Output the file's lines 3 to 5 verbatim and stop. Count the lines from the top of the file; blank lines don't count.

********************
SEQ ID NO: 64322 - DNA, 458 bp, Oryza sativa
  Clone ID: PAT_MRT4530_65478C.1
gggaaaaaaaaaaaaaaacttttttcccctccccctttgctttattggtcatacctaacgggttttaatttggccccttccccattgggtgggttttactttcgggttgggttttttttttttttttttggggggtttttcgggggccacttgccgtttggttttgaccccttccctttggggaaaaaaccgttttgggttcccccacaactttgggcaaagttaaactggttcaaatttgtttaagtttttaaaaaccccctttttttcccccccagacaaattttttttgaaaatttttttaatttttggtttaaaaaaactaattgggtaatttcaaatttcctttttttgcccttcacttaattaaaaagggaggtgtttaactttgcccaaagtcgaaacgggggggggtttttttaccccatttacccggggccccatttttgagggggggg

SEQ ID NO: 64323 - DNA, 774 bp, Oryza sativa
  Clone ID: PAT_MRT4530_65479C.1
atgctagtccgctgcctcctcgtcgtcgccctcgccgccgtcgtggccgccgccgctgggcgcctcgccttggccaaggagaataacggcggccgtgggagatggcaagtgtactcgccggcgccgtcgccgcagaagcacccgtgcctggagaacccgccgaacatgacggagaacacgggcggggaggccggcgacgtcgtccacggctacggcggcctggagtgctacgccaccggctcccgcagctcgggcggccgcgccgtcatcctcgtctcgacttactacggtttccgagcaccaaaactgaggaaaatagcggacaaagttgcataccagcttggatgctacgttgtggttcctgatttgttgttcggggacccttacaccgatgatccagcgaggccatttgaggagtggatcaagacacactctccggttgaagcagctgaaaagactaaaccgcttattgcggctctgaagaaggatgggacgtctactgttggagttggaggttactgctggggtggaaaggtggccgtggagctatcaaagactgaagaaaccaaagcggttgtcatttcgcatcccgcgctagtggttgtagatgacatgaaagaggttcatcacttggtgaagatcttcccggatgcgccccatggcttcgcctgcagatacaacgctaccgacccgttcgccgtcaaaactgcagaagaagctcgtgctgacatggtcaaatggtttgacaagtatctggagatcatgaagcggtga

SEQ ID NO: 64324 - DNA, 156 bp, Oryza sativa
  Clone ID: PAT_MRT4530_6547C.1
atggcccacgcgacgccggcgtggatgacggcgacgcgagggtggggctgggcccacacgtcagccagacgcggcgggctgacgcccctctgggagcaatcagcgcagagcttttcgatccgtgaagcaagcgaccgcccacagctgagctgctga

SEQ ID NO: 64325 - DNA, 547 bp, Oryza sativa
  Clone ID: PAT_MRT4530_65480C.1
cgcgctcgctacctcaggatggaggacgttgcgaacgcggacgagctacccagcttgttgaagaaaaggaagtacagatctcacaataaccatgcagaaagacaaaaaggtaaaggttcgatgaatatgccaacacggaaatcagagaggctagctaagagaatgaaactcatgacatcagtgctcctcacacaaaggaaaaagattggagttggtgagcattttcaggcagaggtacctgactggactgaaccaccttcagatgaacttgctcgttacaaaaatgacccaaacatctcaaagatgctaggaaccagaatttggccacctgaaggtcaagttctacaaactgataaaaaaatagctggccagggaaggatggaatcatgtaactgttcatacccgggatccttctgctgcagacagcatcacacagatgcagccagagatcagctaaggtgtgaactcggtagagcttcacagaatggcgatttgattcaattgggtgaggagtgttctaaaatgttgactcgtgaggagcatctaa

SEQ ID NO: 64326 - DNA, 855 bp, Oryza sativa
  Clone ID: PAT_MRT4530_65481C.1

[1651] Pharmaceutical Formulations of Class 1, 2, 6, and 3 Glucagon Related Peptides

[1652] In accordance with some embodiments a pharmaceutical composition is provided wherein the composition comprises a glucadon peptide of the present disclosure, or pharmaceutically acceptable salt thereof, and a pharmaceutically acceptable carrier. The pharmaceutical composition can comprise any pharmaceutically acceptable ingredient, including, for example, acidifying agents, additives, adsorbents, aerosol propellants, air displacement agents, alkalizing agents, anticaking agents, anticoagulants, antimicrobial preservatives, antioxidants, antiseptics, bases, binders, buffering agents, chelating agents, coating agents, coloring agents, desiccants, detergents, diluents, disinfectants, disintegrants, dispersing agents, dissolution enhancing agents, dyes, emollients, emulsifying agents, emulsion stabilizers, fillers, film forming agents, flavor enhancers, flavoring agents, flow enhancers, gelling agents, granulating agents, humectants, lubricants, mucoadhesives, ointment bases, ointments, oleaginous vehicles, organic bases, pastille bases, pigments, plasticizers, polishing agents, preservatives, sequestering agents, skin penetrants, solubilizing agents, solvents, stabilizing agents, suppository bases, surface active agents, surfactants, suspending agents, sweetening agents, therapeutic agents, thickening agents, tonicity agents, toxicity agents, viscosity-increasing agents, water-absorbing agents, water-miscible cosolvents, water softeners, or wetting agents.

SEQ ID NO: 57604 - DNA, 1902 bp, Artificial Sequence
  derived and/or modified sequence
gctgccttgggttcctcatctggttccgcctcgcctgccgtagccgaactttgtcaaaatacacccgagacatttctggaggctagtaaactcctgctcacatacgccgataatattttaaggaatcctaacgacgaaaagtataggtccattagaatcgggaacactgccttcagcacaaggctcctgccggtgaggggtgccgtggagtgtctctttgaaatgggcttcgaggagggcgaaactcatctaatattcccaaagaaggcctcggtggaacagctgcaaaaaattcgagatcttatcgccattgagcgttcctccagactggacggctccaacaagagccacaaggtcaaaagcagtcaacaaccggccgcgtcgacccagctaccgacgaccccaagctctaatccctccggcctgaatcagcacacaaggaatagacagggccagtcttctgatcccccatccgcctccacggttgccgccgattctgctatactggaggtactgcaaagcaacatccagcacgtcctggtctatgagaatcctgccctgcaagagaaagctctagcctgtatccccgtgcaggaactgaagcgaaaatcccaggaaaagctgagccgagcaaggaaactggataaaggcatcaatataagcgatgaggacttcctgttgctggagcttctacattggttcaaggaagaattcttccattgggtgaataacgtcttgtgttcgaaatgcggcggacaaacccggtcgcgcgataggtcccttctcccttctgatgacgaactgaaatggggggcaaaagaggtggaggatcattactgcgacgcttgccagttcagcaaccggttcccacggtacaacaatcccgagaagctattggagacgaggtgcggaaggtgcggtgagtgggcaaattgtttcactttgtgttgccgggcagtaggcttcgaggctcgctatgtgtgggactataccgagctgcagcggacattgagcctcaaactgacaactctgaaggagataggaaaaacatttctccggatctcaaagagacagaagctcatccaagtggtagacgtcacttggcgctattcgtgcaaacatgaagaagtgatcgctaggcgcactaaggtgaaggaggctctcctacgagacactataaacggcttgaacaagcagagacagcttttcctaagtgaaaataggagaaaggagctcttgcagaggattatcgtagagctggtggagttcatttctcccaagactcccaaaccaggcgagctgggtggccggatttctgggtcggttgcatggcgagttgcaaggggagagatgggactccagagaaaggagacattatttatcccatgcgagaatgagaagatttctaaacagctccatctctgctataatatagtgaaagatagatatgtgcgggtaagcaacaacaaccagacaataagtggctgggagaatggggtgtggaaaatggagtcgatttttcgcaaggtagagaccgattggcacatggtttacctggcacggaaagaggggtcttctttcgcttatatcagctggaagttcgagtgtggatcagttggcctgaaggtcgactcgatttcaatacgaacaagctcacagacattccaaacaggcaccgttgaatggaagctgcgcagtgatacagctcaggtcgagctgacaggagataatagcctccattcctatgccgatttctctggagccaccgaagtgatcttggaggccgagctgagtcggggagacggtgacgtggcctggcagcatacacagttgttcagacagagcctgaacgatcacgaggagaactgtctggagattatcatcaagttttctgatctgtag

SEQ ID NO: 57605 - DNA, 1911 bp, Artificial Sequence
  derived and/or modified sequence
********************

gggaaaaaaaaaaaaaaacttttttcccctccccctttgctttattggtcatacctaacgggttttaatttggccccttccccattgggtgggttttactttcgggttgggttttttttttttttttttggggggtttttcgggggccacttgccgtttggttttgaccccttccctttggggaaaaaaccgttttgggttcccccacaactttgggcaaagttaaactggttcaaatttgtttaagtttttaaaaaccccctttttttcccccccagacaaattttttttgaaaatttttttaatttttggtttaaaaaaactaattgggtaatttcaaatttcctttttttgcccttcacttaattaaaaagggaggtgtttaactttgcccaaagtcgaaacgggggggggtttttttaccccatttacccggggccccatttttgagggggggg

SEQ ID NO: 64323 - DNA, 774 bp, Oryza sativa
  Clone ID: PAT_MRT4530_65479C.1